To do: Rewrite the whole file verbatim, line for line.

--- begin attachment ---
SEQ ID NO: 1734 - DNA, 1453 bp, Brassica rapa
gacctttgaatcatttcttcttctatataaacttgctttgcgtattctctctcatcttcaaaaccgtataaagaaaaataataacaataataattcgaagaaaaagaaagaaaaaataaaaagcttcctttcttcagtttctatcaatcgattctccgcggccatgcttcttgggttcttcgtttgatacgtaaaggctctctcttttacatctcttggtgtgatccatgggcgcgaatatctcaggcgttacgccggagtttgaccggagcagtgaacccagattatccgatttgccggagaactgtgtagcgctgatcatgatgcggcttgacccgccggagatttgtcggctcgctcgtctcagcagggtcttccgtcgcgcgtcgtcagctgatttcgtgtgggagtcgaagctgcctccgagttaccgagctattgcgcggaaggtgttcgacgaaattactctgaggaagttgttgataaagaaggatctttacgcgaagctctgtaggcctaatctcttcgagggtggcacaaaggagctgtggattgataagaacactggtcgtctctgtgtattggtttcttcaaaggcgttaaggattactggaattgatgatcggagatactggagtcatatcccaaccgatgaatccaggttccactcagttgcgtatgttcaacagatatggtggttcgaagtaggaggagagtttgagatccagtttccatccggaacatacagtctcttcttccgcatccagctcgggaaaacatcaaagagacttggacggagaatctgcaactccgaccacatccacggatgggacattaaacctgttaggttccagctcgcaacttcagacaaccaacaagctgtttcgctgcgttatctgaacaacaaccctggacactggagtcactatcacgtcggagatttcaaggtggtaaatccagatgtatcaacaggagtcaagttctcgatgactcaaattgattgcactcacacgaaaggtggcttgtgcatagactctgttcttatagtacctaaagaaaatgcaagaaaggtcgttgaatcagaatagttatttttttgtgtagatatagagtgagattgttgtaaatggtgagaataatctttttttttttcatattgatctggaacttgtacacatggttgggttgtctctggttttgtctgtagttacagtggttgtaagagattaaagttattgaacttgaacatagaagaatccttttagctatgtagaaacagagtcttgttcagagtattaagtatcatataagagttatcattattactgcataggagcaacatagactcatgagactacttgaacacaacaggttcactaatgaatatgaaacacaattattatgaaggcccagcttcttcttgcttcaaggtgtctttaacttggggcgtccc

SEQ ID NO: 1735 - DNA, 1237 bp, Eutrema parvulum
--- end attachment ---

SEQ ID NO: 1734 - DNA, 1453 bp, Brassica rapa
gacctttgaatcatttcttcttctatataaacttgctttgcgtattctctctcatcttcaaaaccgtataaagaaaaataataacaataataattcgaagaaaaagaaagaaaaaataaaaagcttcctttcttcagtttctatcaatcgattctccgcggccatgcttcttgggttcttcgtttgatacgtaaaggctctctcttttacatctcttggtgtgatccatgggcgcgaatatctcaggcgttacgccggagtttgaccggagcagtgaacccagattatccgatttgccggagaactgtgtagcgctgatcatgatgcggcttgacccgccggagatttgtcggctcgctcgtctcagcagggtcttccgtcgcgcgtcgtcagctgatttcgtgtgggagtcgaagctgcctccgagttaccgagctattgcgcggaaggtgttcgacgaaattactctgaggaagttgttgataaagaaggatctttacgcgaagctctgtaggcctaatctcttcgagggtggcacaaaggagctgtggattgataagaacactggtcgtctctgtgtattggtttcttcaaaggcgttaaggattactggaattgatgatcggagatactggagtcatatcccaaccgatgaatccaggttccactcagttgcgtatgttcaacagatatggtggttcgaagtaggaggagagtttgagatccagtttccatccggaacatacagtctcttcttccgcatccagctcgggaaaacatcaaagagacttggacggagaatctgcaactccgaccacatccacggatgggacattaaacctgttaggttccagctcgcaacttcagacaaccaacaagctgtttcgctgcgttatctgaacaacaaccctggacactggagtcactatcacgtcggagatttcaaggtggtaaatccagatgtatcaacaggagtcaagttctcgatgactcaaattgattgcactcacacgaaaggtggcttgtgcatagactctgttcttatagtacctaaagaaaatgcaagaaaggtcgttgaatcagaatagttatttttttgtgtagatatagagtgagattgttgtaaatggtgagaataatctttttttttttcatattgatctggaacttgtacacatggttgggttgtctctggttttgtctgtagttacagtggttgtaagagattaaagttattgaacttgaacatagaagaatccttttagctatgtagaaacagagtcttgttcagagtattaagtatcatataagagttatcattattactgcataggagcaacatagactcatgagactacttgaacacaacaggttcactaatgaatatgaaacacaattattatgaaggcccagcttcttcttgcttcaaggtgtctttaacttggggcgtccc

SEQ ID NO: 1735 - DNA, 1237 bp, Eutrema parvulum